"They have made clear that they would not be in a position to match the federal contribution towards that," Jason Kenney, the minister of employment and social development, said Wednesday. "I completely understand that and I have accepted that in our revised offer."
Kenney said he can't go into detail because discussions with the provinces about the program are ongoing, but he is cautiously optimistic an agreement can be reached with his provincial and territorial governments before the plan is scheduled to go into effect April 1.
"I think we're making progress. We have been demonstrating a lot of flexibility on our part."
He also said Canadian employers are not spending enough on skills development for workers and he wants them to change that.
"We want to see training that leads to actual employment and we want to see employers put more skin in the game," he said.
Kenney said he's prepared for the federal government to go it alone on the job grant but Ottawa's preference is to work with the provinces.
New Brunswick Premier David Alward said he hopes the program would lead to more jobs in the province and reduce the number of New Brunswick residents who seek employment in northern Alberta.
"We need to ensure that this is not training for the sake of training in any way," Alward said. "We need to make sure our people have the right skills to meet the needs of the job market going forward."
Ontario Premier Kathleen Wynne said she's pleased that Kenney wants to bring more flexibility to the proposed job-training program.
Wynne said that while there are still issues to be discussed, she is grateful there's been movement by Ottawa.
Saskatchewan Premier Brad Wall called the federal concessions a "step in the right direction" but said talks with Ottawa on the program are continuing.
Liberal MP Rodger Cuzner said there have been problems with the program right from the start.
"When you throw these things out and try to ram it down the throats of the provinces, you are off on the wrong foot," Cuzner said.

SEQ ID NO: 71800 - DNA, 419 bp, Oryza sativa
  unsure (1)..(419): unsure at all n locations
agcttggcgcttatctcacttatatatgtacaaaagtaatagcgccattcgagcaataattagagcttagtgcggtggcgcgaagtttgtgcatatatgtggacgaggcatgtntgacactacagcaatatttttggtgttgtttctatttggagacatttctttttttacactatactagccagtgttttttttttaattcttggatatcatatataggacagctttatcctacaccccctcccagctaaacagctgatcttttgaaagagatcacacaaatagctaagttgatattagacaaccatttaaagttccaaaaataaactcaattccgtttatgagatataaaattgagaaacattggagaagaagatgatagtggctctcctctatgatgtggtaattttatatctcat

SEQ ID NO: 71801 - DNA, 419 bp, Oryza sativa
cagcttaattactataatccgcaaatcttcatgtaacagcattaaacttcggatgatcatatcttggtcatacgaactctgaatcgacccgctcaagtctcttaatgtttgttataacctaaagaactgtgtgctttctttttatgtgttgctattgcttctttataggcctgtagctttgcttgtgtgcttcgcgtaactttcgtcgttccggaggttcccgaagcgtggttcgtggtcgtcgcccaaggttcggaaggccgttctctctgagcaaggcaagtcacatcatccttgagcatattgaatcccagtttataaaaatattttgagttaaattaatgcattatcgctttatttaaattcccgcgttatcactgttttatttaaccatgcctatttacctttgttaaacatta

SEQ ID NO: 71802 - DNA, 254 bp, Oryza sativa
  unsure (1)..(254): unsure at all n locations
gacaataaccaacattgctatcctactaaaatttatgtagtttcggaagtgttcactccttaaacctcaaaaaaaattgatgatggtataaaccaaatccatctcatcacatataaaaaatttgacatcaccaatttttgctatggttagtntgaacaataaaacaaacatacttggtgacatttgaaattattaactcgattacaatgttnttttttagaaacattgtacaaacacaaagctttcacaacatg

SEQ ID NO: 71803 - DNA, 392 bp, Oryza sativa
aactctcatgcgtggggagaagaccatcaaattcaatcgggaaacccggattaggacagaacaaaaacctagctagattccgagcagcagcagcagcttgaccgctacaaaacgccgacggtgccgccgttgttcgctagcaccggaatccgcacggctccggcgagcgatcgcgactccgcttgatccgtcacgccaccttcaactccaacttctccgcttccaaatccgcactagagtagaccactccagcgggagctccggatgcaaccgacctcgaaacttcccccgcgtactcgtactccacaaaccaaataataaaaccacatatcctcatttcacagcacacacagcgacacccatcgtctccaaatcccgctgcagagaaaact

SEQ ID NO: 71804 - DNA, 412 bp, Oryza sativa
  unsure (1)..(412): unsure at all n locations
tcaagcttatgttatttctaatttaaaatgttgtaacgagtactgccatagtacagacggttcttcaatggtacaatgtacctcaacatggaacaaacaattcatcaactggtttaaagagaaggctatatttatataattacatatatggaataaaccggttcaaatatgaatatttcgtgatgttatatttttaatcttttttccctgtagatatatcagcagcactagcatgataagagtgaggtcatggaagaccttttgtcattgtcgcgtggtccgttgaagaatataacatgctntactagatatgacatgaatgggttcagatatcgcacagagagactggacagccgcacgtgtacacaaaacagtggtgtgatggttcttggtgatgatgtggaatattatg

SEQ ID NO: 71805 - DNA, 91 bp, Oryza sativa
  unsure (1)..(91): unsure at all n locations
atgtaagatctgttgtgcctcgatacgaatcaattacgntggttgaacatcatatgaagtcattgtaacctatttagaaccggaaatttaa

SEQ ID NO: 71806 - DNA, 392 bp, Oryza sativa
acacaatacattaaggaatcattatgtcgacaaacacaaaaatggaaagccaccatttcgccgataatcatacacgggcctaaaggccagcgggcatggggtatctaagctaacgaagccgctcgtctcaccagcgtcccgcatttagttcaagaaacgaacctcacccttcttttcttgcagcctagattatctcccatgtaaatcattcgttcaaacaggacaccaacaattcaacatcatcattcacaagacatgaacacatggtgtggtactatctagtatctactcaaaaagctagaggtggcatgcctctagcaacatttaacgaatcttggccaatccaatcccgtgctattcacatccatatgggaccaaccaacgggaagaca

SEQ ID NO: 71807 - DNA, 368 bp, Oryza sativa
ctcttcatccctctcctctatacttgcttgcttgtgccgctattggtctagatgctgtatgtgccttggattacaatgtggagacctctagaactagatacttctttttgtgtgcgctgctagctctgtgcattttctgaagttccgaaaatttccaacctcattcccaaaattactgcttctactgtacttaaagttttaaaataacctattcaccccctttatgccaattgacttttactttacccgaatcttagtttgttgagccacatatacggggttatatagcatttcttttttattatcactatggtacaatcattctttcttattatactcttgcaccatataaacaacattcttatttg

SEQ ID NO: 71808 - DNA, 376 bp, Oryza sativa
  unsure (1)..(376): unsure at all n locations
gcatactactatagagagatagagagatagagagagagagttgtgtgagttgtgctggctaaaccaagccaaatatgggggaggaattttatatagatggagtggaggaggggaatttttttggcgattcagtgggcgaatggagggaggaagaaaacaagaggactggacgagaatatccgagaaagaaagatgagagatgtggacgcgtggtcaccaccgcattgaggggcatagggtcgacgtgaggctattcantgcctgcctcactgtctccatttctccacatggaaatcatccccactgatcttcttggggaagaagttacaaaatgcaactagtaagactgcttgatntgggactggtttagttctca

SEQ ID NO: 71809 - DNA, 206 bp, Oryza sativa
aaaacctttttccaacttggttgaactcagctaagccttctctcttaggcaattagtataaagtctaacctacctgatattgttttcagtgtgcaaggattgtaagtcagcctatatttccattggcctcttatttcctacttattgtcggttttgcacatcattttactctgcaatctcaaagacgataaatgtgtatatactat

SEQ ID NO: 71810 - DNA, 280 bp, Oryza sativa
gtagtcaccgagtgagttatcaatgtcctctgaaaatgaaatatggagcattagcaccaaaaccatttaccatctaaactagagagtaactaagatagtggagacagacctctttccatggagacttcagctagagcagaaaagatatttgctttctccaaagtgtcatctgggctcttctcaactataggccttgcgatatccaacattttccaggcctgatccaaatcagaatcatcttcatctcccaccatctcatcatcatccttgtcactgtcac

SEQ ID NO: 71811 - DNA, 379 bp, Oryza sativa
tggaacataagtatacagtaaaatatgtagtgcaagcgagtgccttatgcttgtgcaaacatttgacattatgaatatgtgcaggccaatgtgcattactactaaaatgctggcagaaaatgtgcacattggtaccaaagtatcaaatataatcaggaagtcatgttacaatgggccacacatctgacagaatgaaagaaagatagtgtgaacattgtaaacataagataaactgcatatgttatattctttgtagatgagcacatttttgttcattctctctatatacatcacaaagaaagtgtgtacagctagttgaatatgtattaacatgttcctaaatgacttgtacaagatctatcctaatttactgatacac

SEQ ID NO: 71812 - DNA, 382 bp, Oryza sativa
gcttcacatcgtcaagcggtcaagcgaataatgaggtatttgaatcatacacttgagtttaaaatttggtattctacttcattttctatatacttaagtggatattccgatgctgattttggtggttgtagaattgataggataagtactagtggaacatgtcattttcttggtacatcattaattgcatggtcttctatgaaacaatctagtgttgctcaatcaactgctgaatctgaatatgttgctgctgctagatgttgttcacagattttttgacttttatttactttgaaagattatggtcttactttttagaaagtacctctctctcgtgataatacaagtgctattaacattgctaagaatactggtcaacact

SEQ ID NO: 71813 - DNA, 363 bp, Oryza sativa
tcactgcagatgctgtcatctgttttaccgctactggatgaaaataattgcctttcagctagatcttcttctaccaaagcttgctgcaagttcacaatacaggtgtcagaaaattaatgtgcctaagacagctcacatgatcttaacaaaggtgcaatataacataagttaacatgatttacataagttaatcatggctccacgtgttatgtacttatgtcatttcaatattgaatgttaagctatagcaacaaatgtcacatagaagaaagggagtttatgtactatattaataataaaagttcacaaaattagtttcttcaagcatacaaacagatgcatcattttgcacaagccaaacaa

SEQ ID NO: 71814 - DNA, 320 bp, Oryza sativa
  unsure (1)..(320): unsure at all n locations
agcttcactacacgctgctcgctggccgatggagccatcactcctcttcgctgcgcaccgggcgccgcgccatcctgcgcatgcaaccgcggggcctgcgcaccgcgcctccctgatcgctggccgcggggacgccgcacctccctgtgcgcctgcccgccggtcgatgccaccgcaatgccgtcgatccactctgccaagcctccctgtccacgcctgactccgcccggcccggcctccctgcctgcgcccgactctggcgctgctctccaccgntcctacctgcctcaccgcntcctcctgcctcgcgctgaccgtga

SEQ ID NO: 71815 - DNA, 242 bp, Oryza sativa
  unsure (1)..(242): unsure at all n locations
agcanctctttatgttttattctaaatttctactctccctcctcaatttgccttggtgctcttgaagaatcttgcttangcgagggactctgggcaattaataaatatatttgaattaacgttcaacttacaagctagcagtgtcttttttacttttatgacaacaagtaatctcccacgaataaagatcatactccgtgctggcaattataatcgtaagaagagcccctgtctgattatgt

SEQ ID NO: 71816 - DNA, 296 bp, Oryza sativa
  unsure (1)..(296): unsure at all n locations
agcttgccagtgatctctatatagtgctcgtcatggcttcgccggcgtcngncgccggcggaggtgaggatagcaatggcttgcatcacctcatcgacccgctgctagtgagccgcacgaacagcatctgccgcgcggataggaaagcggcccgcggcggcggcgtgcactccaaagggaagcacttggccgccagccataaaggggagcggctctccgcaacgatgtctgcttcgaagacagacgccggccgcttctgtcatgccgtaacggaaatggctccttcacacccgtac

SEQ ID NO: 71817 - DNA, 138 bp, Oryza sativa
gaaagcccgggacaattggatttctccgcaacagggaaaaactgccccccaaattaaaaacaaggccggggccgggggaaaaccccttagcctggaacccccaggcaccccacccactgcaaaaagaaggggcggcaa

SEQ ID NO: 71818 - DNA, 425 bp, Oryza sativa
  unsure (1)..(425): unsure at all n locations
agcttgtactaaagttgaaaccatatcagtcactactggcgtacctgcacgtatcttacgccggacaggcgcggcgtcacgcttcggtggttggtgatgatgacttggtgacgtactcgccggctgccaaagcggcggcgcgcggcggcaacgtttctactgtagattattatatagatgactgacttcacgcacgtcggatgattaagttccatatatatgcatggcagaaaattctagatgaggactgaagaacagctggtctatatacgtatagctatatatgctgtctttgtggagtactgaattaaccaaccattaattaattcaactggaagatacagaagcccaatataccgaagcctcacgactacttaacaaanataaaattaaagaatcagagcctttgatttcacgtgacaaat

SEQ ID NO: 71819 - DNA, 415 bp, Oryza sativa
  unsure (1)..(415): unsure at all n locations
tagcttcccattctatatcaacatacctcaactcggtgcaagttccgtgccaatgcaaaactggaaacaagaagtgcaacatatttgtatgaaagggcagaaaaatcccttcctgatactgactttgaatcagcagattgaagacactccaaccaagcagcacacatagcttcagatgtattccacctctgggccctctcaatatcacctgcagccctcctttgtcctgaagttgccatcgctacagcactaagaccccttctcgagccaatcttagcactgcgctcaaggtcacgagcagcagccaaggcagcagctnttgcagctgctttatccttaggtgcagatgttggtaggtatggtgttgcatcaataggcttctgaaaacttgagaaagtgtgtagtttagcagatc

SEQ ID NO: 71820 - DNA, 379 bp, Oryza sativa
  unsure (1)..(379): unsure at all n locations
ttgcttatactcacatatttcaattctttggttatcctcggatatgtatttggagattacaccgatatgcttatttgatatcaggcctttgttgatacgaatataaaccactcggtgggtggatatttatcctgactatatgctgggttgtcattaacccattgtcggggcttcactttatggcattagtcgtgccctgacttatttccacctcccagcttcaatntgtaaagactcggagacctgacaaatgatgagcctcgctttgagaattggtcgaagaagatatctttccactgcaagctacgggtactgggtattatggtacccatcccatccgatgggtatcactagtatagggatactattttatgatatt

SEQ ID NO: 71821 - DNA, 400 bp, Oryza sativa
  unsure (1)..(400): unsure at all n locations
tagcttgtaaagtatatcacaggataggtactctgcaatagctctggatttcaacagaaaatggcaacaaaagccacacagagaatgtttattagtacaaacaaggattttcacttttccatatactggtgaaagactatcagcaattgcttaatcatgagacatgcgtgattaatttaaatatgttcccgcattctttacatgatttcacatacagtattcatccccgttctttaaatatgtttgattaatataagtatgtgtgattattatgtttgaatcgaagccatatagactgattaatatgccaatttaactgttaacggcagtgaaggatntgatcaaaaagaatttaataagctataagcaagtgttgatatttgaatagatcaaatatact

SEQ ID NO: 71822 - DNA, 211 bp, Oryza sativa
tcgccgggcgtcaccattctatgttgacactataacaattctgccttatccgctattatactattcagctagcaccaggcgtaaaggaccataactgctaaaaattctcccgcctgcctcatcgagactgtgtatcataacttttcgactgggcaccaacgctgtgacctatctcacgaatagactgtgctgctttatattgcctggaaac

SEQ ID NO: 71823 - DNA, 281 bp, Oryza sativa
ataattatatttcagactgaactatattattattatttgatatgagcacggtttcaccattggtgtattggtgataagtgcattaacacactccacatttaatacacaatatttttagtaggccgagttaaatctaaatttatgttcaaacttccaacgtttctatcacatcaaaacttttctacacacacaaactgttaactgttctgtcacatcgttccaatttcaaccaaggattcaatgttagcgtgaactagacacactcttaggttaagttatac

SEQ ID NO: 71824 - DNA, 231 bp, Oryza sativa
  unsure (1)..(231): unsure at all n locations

"Had there been 300 million new dollars put into this, then I think it would have had a chance of getting going. But when you're robbing from programs that were fairly effective ... you set yourself up for failure."
A government official says no new federal cash is being committed to the program.
Under the original proposal, the government would have issued $15,000 grants to eligible Canadians, with the cost divided three ways between Ottawa, the provinces and interested employers. The goal is to compel employers to train their future and current workers, and to encourage provinces to focus on training that will result in actual employment.
Now, Ottawa is offering to cover the provincial share to bring its own contribution up to $10,000 per grant. Stakeholders say that means the number of grants will be reduced, lessening the impact of the program, because the federal government isn't offering up any additional funds.
"We are saddened that the provinces may not participate in the program but are pleased to see that the federal government is still moving ahead, although the number of people that will be helped and trained will be cut due to the lack of co-operation," said Serge Buy, the head of the National Association of Career Colleges.
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